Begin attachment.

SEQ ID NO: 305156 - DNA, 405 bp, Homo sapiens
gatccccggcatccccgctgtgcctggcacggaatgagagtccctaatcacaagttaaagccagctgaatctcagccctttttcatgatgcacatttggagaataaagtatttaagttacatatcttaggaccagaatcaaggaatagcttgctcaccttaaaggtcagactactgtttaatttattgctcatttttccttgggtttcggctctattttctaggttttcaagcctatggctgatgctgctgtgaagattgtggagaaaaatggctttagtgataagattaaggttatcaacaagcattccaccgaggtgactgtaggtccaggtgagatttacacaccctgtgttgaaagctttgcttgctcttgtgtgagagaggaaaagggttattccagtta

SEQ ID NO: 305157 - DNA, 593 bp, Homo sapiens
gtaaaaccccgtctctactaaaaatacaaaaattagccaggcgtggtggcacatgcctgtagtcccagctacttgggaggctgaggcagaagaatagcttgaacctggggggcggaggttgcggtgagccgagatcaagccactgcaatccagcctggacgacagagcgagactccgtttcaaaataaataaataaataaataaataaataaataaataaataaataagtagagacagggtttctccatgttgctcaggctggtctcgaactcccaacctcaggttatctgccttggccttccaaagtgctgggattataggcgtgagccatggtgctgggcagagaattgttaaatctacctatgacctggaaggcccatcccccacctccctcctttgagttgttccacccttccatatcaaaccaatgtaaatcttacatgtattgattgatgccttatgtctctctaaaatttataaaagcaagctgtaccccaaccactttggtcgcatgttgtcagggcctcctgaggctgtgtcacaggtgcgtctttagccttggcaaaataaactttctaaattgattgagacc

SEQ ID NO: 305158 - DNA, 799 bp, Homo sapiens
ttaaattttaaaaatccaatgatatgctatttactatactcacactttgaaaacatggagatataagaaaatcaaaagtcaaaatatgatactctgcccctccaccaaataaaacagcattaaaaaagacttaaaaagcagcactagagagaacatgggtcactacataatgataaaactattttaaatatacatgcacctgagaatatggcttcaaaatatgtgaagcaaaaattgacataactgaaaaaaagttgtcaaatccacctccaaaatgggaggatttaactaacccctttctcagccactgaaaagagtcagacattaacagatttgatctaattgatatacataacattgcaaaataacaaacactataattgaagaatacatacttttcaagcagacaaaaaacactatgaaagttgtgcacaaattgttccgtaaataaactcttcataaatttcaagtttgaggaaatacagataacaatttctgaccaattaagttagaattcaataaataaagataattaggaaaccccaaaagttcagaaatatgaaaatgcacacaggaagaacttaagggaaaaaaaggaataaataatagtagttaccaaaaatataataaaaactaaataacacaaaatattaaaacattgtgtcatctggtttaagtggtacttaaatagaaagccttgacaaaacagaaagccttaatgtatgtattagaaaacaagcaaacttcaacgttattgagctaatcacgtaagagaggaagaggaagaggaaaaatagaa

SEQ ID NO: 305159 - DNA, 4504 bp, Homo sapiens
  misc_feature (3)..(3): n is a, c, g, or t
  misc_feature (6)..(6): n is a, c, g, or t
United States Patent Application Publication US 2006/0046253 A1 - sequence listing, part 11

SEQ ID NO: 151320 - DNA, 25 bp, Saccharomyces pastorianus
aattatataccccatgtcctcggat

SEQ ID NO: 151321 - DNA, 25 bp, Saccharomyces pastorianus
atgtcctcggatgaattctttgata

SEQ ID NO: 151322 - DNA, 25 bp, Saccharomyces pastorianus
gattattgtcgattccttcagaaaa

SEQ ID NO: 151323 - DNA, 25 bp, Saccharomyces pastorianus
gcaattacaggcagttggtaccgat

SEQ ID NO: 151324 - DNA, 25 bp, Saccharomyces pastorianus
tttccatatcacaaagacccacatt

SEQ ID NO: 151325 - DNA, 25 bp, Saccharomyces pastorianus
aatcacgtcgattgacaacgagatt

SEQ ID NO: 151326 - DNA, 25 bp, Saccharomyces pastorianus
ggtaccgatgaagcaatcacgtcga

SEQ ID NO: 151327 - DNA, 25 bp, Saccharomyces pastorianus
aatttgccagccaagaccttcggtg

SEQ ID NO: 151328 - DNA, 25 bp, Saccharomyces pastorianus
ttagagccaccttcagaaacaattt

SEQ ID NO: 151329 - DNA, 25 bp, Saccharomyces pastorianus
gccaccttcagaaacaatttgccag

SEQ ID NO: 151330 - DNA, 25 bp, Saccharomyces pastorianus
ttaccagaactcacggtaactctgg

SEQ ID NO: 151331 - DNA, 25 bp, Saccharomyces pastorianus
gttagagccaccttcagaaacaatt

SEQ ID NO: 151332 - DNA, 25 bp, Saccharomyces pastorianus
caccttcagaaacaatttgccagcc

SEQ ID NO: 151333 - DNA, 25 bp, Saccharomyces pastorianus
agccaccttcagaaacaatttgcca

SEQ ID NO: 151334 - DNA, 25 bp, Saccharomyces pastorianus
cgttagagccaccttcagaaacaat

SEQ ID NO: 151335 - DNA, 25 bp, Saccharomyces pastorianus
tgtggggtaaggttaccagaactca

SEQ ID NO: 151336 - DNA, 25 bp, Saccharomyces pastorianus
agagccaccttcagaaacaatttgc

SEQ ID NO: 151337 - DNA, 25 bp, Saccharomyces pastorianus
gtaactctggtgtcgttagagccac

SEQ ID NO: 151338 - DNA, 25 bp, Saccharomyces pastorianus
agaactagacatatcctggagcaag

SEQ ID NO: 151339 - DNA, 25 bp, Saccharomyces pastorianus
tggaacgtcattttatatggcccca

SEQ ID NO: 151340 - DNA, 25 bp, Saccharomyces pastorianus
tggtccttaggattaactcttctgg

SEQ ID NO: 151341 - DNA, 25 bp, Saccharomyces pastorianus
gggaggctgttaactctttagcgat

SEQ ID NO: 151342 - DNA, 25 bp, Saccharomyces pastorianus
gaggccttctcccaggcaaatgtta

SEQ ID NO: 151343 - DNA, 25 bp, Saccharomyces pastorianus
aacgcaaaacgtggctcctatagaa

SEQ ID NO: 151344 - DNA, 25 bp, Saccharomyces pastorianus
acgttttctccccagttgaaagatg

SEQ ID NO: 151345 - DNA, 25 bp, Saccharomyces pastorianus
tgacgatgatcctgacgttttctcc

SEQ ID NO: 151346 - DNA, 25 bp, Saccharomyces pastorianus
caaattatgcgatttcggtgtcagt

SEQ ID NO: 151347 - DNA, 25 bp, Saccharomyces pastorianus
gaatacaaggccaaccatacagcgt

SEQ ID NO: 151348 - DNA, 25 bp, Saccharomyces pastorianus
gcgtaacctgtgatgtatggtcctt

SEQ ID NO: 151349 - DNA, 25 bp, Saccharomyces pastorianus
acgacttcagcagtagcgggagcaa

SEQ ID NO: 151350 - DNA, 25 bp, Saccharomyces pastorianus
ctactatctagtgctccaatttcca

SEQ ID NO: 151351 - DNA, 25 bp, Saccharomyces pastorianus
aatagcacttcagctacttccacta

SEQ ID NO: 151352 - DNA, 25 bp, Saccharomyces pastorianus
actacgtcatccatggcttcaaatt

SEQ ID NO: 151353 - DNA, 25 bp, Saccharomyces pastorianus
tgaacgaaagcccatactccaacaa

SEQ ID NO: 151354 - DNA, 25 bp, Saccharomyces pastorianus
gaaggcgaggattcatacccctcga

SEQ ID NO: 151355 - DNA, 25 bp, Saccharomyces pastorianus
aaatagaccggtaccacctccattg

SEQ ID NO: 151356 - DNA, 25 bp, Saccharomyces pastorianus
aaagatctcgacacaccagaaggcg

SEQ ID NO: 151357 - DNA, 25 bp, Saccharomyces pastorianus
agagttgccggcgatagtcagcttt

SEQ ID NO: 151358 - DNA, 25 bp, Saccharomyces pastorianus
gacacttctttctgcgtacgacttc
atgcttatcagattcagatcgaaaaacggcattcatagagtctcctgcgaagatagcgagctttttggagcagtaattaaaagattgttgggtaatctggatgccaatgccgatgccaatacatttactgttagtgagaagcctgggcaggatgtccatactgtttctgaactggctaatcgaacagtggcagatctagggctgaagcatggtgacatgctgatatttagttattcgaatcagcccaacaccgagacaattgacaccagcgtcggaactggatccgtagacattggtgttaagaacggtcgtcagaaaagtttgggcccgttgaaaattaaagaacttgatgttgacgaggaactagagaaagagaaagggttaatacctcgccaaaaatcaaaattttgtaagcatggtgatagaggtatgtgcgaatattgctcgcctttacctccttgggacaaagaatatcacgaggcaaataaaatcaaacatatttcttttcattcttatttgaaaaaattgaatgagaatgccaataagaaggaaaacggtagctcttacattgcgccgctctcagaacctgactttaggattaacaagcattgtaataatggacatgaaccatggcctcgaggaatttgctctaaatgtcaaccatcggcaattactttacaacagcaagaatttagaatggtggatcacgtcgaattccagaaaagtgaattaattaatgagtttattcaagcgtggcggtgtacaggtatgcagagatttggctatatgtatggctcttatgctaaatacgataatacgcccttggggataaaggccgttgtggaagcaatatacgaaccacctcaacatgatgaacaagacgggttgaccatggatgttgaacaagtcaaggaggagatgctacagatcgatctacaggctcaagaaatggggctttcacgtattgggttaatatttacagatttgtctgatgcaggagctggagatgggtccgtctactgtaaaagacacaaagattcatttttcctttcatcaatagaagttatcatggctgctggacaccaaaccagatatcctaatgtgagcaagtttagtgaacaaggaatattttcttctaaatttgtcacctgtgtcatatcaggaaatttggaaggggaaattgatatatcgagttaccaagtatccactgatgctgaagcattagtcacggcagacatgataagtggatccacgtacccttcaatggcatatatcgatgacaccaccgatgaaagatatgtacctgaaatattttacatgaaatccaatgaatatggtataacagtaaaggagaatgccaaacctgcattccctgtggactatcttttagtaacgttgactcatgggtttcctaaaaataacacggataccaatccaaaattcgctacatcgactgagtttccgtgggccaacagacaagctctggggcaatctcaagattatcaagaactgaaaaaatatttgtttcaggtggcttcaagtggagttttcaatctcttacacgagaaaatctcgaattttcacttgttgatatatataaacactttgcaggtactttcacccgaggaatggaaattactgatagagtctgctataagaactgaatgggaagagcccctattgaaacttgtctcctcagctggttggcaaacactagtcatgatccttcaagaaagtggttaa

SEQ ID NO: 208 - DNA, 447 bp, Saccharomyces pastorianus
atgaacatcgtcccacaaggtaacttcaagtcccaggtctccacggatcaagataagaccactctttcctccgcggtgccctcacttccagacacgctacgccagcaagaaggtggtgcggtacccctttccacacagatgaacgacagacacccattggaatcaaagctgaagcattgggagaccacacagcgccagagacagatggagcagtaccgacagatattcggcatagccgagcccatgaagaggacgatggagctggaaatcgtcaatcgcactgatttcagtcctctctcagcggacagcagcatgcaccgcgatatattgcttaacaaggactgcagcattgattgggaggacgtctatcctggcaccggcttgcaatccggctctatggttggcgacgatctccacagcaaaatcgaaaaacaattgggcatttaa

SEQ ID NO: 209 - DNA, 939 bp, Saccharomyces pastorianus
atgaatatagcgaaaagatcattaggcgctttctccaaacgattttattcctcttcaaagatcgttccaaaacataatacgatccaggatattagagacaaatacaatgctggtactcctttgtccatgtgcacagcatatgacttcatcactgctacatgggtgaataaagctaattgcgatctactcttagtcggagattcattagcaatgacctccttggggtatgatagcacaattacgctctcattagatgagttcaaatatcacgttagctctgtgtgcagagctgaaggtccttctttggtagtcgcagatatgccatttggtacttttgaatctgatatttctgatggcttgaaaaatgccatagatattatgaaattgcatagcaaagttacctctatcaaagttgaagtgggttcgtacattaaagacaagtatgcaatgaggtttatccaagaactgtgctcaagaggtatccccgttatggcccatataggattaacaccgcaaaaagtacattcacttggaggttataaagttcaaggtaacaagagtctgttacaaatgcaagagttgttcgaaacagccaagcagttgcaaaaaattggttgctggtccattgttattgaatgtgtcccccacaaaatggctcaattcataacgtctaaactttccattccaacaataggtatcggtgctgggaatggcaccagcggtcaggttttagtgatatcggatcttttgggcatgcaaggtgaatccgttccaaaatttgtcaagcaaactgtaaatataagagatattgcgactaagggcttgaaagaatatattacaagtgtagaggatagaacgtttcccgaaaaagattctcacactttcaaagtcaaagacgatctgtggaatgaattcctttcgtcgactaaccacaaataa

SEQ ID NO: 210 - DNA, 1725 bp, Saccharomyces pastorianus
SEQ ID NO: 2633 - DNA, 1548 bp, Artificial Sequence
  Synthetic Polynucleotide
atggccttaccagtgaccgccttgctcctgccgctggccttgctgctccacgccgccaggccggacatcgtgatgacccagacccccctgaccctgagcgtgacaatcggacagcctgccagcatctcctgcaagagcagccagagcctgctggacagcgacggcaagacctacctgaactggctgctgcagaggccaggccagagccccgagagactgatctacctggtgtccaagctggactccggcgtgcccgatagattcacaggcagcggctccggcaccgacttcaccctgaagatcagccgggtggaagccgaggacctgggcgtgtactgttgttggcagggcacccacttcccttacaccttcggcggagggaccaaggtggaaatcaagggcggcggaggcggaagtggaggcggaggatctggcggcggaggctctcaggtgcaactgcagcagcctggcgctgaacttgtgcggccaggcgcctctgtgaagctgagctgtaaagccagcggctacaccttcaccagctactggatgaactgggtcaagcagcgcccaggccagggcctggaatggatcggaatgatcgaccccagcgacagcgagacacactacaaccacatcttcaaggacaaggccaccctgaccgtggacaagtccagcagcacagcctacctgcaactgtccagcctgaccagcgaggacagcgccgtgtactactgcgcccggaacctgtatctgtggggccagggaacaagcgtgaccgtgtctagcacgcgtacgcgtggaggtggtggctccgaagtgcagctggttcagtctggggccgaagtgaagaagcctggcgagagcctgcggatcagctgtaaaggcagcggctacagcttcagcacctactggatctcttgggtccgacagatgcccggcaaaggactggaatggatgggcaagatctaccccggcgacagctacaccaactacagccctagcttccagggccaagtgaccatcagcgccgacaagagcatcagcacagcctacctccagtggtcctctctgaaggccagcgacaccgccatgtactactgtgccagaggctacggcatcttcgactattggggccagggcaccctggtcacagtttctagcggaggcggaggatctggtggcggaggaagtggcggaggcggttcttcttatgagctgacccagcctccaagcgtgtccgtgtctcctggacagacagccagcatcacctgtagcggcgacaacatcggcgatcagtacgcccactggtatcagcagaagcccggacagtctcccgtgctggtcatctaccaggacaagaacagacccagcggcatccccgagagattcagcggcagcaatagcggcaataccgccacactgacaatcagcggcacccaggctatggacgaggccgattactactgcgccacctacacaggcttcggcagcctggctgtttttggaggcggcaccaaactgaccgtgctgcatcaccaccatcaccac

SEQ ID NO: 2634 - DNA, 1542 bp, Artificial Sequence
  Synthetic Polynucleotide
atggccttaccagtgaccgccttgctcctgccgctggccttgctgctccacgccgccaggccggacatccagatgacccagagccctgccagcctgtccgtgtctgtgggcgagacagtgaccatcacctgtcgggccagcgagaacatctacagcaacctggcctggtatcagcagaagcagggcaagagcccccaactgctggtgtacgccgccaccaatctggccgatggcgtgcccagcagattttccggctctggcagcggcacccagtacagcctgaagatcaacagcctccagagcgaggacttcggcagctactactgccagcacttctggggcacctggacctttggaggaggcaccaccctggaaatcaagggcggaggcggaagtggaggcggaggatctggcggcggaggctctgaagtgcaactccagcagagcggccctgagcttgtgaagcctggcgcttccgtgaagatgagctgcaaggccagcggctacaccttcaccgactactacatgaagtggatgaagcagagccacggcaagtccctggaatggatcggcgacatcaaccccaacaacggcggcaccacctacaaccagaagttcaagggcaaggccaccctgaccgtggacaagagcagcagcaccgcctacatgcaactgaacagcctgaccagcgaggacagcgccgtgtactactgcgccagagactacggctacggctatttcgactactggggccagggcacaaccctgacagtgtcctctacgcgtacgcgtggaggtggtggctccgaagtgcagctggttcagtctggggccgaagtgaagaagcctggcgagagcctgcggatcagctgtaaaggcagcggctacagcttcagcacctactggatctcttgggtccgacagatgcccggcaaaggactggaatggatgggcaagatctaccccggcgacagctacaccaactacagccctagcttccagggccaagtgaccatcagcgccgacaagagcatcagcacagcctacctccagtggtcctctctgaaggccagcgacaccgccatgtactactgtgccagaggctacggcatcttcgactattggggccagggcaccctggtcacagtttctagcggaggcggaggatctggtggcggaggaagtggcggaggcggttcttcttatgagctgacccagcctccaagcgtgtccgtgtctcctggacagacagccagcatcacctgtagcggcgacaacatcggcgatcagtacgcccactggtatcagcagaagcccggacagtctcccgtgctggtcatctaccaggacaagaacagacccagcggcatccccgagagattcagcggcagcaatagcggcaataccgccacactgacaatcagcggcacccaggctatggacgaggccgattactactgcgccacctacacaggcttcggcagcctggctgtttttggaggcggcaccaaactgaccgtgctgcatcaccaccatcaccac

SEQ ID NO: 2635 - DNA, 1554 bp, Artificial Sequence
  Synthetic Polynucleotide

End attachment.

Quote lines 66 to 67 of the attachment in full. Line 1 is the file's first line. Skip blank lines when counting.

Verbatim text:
gaatacaaggccaaccatacagcgt

SEQ ID NO: 151348 - DNA, 25 bp, Saccharomyces pastorianus